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Using RPMs and YUM on IBM i 7.1? If So, Be Warned!

In this Open Your i blog post, IBMer Kevin Adler guest blogs about the end of service for RPM and YUM on IBM i 7.1.

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Hundreds of open-source RPM packages are available for IBM i. In fact, you might be deploying these solutions to address some real-world business needs, and you wouldn’t be alone! Many clients are now leveraging IBM’s efforts to exploit some of the best technology the industry has to offer. As a side effect, IBM strives to provide game-changing open source technology for IBM i releases in standard support. This has a very real impact for users on IBM i 7.1, which has been out of support for well over a year. It’s time to say goodbye. Douglas Adams might say “So long, and thanks for all the fish!” But, for today’s blog, I partnered with Kevin Adler from the IBM i development team, to provide more details.
 

As you probably know, IBM provides an open source repository of RPMs that can be installed and managed using the YUM package manager on IBM i. This repository has been available since May 2018 and officially targets IBM i 7.2 and up. Many of you may have noticed that when you look through the repository, you see many RPMs labeled with ibmi7.1 in the name, eg. bash-4.4-1.ibmi7.1.ppc64.rpm. Heck, even YUM itself is available as an ibmi7.1 rpm: yum-3.4.3-17.ibmi7.1.noarch.rpm. The curiosity may get the better of you and attempt to install these RPMs on an IBM i 7.1 machine and notice that everything works just fine! Well, until you try to install an rpm that has ibmi7.2 in the name—but that’s to be expected, right?

One might ask, “If IBM i 7.1 is not supported, why allow this to work in the first place? Why not just build everything on 7.2?” There are a variety of reasons for this. Firstly, IBM i 7.1 had just entered EOS (end of support) and we knew a lot of clients were still running this older release. By allowing users to replace 5733-OPS and run YUM and RPMs on 7.1, it meant that users would have an easier transition to IBM i 7.2. Additionally, we still need to maintain IBM i 7.1 for extended support and having YUM and RPMs available on IBM i 7.1 made our lives easier. Finally, the most pragmatic answer: If it works, why arbitrarily restrict it?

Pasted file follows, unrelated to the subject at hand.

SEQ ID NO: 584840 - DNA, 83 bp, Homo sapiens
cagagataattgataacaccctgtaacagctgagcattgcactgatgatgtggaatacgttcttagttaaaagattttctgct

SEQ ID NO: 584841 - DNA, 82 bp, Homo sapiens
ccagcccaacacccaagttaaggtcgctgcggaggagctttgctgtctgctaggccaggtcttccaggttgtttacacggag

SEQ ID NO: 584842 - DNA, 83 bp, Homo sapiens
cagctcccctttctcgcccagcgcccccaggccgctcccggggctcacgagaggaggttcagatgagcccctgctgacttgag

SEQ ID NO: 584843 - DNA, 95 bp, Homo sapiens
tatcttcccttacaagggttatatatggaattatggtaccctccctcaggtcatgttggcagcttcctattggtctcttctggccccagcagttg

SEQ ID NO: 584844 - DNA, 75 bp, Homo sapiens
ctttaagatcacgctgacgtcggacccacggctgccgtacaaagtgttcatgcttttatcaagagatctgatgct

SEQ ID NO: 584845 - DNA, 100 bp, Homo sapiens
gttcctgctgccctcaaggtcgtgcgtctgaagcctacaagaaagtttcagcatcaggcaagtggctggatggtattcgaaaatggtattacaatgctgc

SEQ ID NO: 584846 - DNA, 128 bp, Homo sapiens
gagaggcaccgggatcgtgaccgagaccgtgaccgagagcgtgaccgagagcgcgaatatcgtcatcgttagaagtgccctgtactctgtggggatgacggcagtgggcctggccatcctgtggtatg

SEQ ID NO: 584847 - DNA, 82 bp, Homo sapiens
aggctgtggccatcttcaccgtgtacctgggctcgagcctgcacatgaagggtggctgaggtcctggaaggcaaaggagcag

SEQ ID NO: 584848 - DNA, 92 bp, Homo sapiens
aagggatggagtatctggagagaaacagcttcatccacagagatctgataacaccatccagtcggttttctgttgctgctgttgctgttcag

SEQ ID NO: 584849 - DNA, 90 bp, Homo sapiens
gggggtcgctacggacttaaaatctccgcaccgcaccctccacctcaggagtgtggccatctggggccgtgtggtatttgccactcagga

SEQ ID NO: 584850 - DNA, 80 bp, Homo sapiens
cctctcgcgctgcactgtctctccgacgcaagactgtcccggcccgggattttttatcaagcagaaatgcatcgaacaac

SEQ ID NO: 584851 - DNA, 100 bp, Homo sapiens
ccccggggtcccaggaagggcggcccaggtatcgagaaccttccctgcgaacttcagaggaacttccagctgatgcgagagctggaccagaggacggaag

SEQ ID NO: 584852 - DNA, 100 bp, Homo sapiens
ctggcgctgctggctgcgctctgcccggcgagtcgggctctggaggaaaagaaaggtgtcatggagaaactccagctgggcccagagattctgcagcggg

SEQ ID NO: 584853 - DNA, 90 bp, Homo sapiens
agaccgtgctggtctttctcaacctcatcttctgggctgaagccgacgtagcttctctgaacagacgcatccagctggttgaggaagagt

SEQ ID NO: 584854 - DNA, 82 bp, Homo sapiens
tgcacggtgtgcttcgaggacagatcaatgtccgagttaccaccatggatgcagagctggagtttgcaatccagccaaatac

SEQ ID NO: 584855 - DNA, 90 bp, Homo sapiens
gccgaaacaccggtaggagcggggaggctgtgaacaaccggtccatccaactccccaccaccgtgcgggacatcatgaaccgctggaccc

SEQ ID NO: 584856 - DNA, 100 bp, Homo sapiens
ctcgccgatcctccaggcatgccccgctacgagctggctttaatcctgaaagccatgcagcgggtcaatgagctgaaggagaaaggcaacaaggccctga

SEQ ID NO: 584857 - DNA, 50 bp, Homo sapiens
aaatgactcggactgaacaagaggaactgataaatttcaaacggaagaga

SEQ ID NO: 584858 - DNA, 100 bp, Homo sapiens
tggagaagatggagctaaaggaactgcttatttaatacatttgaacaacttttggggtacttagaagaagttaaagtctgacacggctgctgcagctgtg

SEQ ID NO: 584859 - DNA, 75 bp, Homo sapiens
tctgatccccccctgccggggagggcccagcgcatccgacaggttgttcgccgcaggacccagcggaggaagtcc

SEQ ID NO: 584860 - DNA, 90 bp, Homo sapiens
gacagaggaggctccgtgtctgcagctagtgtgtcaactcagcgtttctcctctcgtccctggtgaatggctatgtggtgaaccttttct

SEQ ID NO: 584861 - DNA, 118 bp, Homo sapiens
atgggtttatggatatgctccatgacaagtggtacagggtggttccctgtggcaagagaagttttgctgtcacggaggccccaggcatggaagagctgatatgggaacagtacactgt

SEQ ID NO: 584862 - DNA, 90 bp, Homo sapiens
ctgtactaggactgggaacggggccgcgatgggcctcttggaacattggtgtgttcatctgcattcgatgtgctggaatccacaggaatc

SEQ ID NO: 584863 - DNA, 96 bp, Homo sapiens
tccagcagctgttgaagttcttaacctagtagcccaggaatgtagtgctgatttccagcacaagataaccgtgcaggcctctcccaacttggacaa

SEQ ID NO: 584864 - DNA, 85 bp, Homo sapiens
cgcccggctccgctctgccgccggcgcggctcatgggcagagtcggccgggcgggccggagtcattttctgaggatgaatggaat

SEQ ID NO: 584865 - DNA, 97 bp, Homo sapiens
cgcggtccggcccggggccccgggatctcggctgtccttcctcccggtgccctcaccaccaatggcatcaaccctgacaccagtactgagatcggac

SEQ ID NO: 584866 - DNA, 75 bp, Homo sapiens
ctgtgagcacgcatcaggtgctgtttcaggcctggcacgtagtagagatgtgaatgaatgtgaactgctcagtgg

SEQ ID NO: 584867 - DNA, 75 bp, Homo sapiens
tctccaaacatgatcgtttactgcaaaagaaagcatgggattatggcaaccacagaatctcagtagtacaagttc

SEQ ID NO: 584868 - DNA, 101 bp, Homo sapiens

OpenSSL End of Support

It's far from arbitrary. One impetus for this change is OpenSSL. OpenSSL 1.0.2 is going out of support by the end of 2019 and without the OpenSSL community maintaining this version, we do not have the manpower to ensure that security problems are found and fixed. Therefore, we will have to rebuild all software that uses OpenSSL to build against the supported OpenSSL 1.1.1 instead. Since OpenSSL 1.1.1 has capabilities which require IBM i 7.2 in order to function and YUM has a dependency on OpenSSL in order to access HTTPS repositories, the net effect will mean that YUM will no longer be able to install on IBM i 7.1 systems. Because the package manager has such a vital role in the ecosystem, not having it be available on IBM i 7.1 pushed us to the tough decision to rebuild everything else for IBM i 7.2.

So what's going to happen?

On September 24th, all the existing IBM i 7.1 RPMs will be updated with IBM i 7.2 replacements.

What if I’m still on IBM i 7.1 at that time?

While we urge you to migrate to IBM i 7.2 as soon as possible, we realize that such an endeavor may not be feasible in this timeframe. If you want or need to continue using YUM on IBM i 7.1, it’s advised to create a mirror of the IBM repository before that time. This can be done with the Access Client Solutions (ACS) tool (some documentation here). Just remember that after September 24th, you will not be able to update this mirror and you will no longer get bug fix or security updates.

We hope that you enjoyed having a “yummy” IBM i 7.1 while it lasted, but nothing lasts forever. We didn’t make this decision lightly, but hope you understand why it has to be done. It’s been a great year for open source on IBM i and this move will help us continue to build and deliver great open source for the future.

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